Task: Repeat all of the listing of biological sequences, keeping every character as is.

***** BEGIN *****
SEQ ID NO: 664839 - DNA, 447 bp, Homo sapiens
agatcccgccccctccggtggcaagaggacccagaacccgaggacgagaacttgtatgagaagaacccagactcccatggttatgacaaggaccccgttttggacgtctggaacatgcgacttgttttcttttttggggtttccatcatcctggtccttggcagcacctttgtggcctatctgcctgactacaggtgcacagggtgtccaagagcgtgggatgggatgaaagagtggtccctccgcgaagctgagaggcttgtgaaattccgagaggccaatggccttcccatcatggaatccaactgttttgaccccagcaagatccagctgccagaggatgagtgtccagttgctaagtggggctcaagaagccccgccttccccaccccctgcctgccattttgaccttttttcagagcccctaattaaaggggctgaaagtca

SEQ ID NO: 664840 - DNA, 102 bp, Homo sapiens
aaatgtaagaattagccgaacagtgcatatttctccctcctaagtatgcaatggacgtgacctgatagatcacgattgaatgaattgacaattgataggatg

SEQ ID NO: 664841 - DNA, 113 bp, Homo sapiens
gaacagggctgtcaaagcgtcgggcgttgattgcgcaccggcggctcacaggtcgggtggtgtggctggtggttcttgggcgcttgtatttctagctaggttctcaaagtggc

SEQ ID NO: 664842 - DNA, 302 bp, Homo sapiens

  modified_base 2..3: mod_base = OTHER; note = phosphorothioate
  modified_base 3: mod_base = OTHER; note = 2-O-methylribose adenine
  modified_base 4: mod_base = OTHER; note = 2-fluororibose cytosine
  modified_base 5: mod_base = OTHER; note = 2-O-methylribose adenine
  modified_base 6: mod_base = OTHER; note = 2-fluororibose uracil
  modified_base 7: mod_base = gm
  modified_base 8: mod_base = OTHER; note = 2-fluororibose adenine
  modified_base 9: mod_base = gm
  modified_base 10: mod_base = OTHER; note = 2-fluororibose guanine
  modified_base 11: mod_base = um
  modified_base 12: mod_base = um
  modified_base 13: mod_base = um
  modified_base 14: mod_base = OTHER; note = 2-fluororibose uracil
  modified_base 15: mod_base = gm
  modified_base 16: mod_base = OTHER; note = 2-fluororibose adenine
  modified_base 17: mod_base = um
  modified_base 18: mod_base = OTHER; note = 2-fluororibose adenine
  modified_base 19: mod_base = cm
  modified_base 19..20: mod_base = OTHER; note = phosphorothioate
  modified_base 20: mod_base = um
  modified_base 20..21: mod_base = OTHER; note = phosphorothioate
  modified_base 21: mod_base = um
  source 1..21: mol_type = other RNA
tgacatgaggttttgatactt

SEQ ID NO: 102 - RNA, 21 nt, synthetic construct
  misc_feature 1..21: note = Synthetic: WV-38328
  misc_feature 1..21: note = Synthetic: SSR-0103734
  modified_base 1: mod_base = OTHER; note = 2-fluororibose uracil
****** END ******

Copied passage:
SEQ ID NO: 664839 - DNA, 447 bp, Homo sapiens
agatcccgccccctccggtggcaagaggacccagaacccgaggacgagaacttgtatgagaagaacccagactcccatggttatgacaaggaccccgttttggacgtctggaacatgcgacttgttttcttttttggggtttccatcatcctggtccttggcagcacctttgtggcctatctgcctgactacaggtgcacagggtgtccaagagcgtgggatgggatgaaagagtggtccctccgcgaagctgagaggcttgtgaaattccgagaggccaatggccttcccatcatggaatccaactgttttgaccccagcaagatccagctgccagaggatgagtgtccagttgctaagtggggctcaagaagccccgccttccccaccccctgcctgccattttgaccttttttcagagcccctaattaaaggggctgaaagtca

SEQ ID NO: 664840 - DNA, 102 bp, Homo sapiens
aaatgtaagaattagccgaacagtgcatatttctccctcctaagtatgcaatggacgtgacctgatagatcacgattgaatgaattgacaattgataggatg

SEQ ID NO: 664841 - DNA, 113 bp, Homo sapiens
gaacagggctgtcaaagcgtcgggcgttgattgcgcaccggcggctcacaggtcgggtggtgtggctggtggttcttgggcgcttgtatttctagctaggttctcaaagtggc

SEQ ID NO: 664842 - DNA, 302 bp, Homo sapiens

  modified_base 2..3: mod_base = OTHER; note = phosphorothioate
  modified_base 3: mod_base = OTHER; note = 2-O-methylribose adenine
  modified_base 4: mod_base = OTHER; note = 2-fluororibose cytosine
  modified_base 5: mod_base = OTHER; note = 2-O-methylribose adenine
  modified_base 6: mod_base = OTHER; note = 2-fluororibose uracil
  modified_base 7: mod_base = gm
  modified_base 8: mod_base = OTHER; note = 2-fluororibose adenine
  modified_base 9: mod_base = gm
  modified_base 10: mod_base = OTHER; note = 2-fluororibose guanine
  modified_base 11: mod_base = um
  modified_base 12: mod_base = um
  modified_base 13: mod_base = um
  modified_base 14: mod_base = OTHER; note = 2-fluororibose uracil
  modified_base 15: mod_base = gm
  modified_base 16: mod_base = OTHER; note = 2-fluororibose adenine
  modified_base 17: mod_base = um
  modified_base 18: mod_base = OTHER; note = 2-fluororibose adenine
  modified_base 19: mod_base = cm
  modified_base 19..20: mod_base = OTHER; note = phosphorothioate
  modified_base 20: mod_base = um
  modified_base 20..21: mod_base = OTHER; note = phosphorothioate
  modified_base 21: mod_base = um
  source 1..21: mol_type = other RNA
tgacatgaggttttgatactt

SEQ ID NO: 102 - RNA, 21 nt, synthetic construct
  misc_feature 1..21: note = Synthetic: WV-38328
  misc_feature 1..21: note = Synthetic: SSR-0103734
  modified_base 1: mod_base = OTHER; note = 2-fluororibose uracil